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  • Savannah Ferrell

Interview with Peregrine Honig


Photo credit Anna Petrow

Describe your typical week--in the studio, at home, doing other activities, etc.

“I have a tendency to wake up around 4 o’clock in the morning and then make work or draw and go back to sleep after a couple of hours and then I wake up around 8:30 or 9 o’clock. I seek out coffee, either by my hand or by somebody else’s. Then, I have a small business that I run that opens at noon but if it’s not my day to work from noon to 4 then… I kind of don’t know what my day is. It’s often, when the phone starts ringing I find out what I’m supposed to do. So, there are days where I have meetings and stuff like that scheduled in advance but sometimes it’s something as simple as: something has broken, I need to repair another artist’s piece or reframe it. So I kind of network assist on different things, curate assist on different things, solve problems. I draw and paint, and usually if I can’t make something intelligent I start off with like a poster for my small business and then I work up to harder thoughts.”

Describe your influences--what sources, artists, places, objects, etc do you look to for inspiration?

“I’m really influenced by costume culture; I’m very inspired in New Orleans, and in Cuba, and I really am interested in how people dress themselves and tell stories with their bodies. I really like extreme craft. Like, I’m always jealous of things I can’t make, so I’m kind of inspired by things I don’t have the capacity to make yet. My art collection doesn’t look like my art, because it’s stuff I don’t know how to make yet.”

Study for The Rape of Zeus

Ink, silverpoint, pigment, enamel on Hot Press Cotton Rag

11” x 14” unfr./20” x 23” fr. 2018

photo courtesy of E G Schempf

Where is your studio, and what does it look like? How do you find materials & resources to make work?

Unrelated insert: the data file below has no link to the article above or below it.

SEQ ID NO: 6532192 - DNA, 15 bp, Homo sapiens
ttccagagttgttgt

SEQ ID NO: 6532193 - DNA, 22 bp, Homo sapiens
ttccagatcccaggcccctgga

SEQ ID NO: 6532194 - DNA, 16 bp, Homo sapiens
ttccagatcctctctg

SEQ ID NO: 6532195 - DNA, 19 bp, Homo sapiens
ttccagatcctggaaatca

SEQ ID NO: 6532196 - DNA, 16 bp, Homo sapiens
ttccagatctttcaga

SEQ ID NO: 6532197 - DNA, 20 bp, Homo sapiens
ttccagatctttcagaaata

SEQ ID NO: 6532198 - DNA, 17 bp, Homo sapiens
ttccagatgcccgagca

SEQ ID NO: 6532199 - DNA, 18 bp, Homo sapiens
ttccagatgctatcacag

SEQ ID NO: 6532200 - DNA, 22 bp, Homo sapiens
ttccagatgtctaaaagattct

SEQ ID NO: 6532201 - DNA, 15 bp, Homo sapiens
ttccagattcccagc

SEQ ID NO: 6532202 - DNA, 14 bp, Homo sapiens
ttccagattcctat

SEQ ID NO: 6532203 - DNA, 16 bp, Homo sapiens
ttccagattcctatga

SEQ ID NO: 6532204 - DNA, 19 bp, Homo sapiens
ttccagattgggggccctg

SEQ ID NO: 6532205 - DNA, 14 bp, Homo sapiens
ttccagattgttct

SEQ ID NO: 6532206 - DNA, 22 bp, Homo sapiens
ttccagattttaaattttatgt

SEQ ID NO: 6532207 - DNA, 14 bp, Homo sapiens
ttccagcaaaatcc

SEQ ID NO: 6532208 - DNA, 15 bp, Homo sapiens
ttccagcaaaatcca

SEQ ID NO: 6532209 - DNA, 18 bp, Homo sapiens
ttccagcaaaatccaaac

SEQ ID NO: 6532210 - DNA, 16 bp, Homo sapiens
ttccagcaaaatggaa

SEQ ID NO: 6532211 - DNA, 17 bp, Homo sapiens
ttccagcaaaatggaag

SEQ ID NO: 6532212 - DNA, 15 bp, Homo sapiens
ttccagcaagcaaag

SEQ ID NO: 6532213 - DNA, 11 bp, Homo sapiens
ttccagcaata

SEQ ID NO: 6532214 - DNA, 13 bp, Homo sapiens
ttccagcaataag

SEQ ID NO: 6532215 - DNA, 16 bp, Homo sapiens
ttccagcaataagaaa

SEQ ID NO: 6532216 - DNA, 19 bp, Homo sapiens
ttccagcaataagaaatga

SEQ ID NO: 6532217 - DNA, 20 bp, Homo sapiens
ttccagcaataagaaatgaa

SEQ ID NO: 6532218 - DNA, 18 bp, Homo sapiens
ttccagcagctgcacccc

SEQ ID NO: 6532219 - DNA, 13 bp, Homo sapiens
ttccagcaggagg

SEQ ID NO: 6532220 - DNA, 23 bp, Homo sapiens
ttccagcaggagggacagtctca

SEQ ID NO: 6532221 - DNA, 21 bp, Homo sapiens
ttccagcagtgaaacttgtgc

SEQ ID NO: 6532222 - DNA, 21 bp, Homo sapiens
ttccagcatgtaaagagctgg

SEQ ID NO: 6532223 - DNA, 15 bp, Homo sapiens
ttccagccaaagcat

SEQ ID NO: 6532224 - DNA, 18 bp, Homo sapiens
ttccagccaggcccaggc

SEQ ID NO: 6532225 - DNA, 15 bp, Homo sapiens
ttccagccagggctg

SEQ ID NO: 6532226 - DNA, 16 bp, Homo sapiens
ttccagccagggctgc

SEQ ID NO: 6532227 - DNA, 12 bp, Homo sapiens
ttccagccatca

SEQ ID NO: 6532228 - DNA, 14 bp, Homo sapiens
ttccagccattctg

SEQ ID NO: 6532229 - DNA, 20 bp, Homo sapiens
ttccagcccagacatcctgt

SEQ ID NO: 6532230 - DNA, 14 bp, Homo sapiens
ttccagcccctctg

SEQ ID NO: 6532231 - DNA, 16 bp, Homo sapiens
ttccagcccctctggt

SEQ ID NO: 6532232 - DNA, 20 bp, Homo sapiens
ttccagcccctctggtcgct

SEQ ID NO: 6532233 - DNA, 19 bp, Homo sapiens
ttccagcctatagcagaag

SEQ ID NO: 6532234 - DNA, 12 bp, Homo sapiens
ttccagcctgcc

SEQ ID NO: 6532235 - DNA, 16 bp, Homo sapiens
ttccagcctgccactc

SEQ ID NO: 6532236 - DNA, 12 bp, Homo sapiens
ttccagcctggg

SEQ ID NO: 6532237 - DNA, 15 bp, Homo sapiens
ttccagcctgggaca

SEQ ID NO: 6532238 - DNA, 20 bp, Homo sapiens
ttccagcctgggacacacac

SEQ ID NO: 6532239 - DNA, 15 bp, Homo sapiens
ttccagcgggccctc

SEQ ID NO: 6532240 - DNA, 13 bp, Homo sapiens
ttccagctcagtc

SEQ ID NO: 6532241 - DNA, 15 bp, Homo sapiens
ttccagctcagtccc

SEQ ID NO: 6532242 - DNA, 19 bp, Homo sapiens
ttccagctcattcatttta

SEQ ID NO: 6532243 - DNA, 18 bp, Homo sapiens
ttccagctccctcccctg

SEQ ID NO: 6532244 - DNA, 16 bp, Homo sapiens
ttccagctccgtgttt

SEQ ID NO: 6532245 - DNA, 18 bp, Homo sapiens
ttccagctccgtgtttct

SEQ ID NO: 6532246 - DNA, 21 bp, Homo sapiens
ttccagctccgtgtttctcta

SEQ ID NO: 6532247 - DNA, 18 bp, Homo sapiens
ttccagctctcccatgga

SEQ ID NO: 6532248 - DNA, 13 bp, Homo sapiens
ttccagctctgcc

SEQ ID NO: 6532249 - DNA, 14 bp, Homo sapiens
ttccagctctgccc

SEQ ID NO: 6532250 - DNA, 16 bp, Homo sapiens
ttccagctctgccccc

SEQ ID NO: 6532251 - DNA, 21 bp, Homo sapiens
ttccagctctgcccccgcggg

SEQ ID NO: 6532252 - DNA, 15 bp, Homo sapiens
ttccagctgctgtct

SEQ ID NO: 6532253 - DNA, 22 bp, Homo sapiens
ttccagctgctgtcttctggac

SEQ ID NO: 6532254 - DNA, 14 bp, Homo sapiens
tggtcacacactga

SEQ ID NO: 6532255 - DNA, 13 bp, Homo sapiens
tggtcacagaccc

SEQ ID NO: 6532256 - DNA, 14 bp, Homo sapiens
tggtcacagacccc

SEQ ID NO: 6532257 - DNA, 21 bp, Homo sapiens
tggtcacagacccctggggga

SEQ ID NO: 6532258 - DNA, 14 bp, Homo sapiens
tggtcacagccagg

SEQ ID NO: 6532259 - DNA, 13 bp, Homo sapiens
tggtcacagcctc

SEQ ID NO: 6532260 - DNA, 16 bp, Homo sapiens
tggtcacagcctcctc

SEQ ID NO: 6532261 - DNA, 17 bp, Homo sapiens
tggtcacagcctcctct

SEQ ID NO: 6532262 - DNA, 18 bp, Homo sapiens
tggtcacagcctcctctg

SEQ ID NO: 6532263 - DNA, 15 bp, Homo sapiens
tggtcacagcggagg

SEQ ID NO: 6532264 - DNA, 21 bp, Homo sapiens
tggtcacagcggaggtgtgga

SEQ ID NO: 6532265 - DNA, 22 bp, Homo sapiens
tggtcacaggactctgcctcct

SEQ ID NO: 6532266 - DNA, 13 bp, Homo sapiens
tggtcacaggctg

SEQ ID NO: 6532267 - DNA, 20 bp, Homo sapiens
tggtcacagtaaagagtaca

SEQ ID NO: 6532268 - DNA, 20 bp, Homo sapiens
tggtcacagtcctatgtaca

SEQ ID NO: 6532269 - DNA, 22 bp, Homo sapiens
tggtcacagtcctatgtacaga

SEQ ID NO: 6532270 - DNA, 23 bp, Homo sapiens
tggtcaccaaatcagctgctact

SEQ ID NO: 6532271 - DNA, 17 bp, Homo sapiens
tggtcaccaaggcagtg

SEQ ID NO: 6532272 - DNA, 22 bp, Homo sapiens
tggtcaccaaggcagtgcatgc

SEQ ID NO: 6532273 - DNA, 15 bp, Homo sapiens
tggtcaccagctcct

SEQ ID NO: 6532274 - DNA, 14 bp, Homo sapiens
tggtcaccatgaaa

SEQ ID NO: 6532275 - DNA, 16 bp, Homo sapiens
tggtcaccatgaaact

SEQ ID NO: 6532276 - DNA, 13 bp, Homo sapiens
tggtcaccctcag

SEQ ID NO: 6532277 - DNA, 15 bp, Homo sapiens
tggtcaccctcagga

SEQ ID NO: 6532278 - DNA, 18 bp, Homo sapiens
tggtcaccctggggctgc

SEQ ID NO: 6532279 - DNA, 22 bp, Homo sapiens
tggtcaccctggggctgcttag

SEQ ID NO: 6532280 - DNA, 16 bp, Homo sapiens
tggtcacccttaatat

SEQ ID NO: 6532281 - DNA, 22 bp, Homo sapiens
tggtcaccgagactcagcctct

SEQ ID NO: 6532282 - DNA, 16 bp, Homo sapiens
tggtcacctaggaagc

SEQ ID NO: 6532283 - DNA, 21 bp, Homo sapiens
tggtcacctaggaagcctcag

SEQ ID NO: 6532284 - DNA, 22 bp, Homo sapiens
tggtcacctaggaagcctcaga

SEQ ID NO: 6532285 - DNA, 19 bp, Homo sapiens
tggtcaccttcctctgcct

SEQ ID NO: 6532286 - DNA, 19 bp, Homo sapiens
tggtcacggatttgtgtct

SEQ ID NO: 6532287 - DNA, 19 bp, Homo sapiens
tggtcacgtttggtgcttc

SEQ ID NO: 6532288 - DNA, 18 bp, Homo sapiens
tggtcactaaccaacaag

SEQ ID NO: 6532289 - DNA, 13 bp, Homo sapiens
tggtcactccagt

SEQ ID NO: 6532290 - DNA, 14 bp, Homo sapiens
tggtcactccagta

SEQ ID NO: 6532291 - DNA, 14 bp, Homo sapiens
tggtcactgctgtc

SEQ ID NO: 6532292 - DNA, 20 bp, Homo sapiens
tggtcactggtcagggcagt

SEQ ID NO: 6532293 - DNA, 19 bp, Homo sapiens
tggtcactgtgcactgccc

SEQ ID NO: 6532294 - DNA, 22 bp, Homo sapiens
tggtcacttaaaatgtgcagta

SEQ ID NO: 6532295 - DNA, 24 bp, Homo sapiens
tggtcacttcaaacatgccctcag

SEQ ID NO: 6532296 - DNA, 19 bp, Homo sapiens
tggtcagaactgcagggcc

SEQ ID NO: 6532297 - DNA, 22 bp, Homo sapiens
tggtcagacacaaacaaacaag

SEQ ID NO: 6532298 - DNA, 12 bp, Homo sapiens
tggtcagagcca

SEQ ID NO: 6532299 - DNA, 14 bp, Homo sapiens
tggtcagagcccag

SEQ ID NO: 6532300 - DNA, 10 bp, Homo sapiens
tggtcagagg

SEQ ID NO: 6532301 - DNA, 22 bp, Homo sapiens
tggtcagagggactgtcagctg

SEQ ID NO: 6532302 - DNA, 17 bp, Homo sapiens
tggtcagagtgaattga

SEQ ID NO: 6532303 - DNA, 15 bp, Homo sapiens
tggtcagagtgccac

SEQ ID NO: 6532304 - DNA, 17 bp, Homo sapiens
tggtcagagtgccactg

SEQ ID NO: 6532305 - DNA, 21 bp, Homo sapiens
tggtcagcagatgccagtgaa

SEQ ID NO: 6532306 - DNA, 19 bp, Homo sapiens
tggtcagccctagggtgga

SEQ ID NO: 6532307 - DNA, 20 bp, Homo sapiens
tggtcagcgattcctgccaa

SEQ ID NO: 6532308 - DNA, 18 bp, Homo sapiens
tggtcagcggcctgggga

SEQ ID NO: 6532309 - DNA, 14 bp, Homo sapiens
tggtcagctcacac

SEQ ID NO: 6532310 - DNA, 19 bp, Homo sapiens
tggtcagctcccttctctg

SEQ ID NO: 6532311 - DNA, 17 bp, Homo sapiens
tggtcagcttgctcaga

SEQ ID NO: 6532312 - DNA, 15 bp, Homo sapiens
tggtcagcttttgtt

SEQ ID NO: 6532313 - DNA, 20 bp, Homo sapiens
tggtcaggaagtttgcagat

My studio is a renovated Black Baptist church where, the congregation left a couple of years before the building sold, and it looked like Heaven on Earth. It’s got my work in it, and I recently moved all of my studio into that space. So I have, Ross Redmon, about 200 of his porcelain birds hanging from my ceiling, my artwork, my costume collection, and my bed and closet are on the second floor.

Most of my materials are pretty formal, I guess… Like, I have hot press paper, and pigments. But then in terms of like, glitter, that’s from a costume and fabric place in New Orleans. And when I travel I get a lot of different stuff.”

Photo credit Anna Petrow

How do you balance your art practice with other jobs, art- or non-art-related?

“I just wear a lot of hats. I curate a lot, I do workshops, I do some interior work like helping people pick colors and spatial things; artistic direction for spaces.”

What opportunities for professional development have been most helpful to you? Which were more helpful earlier on in your career? (Print exchanges, workshops, conferences, etc.)

“Residencies. Residencies have been the most immediate, and kind of forced the strongest change. I think curating large shows for fairs, like for Chicago and Miami, were really great for my practice, because curating kind of puts you on both sides of the wall.”

What sort of research do you use for your practice? If you don’t, what research practices have been helpful to you in the past?

“I like to look at a lot of medical illustrations and botanical drawings. I’m interested in pop culture, but more like popular culture, not really pop culture. So, I like listening to songs that have been played over and over again, I really love looking at social media as a material. Like, why does somebody like one thing and not another, and, based on time of the day, based on who they are… I’m really interested in the gray area of things, so I’m always reading about court cases that don’t quite resolve properly. And science, science and ritual.”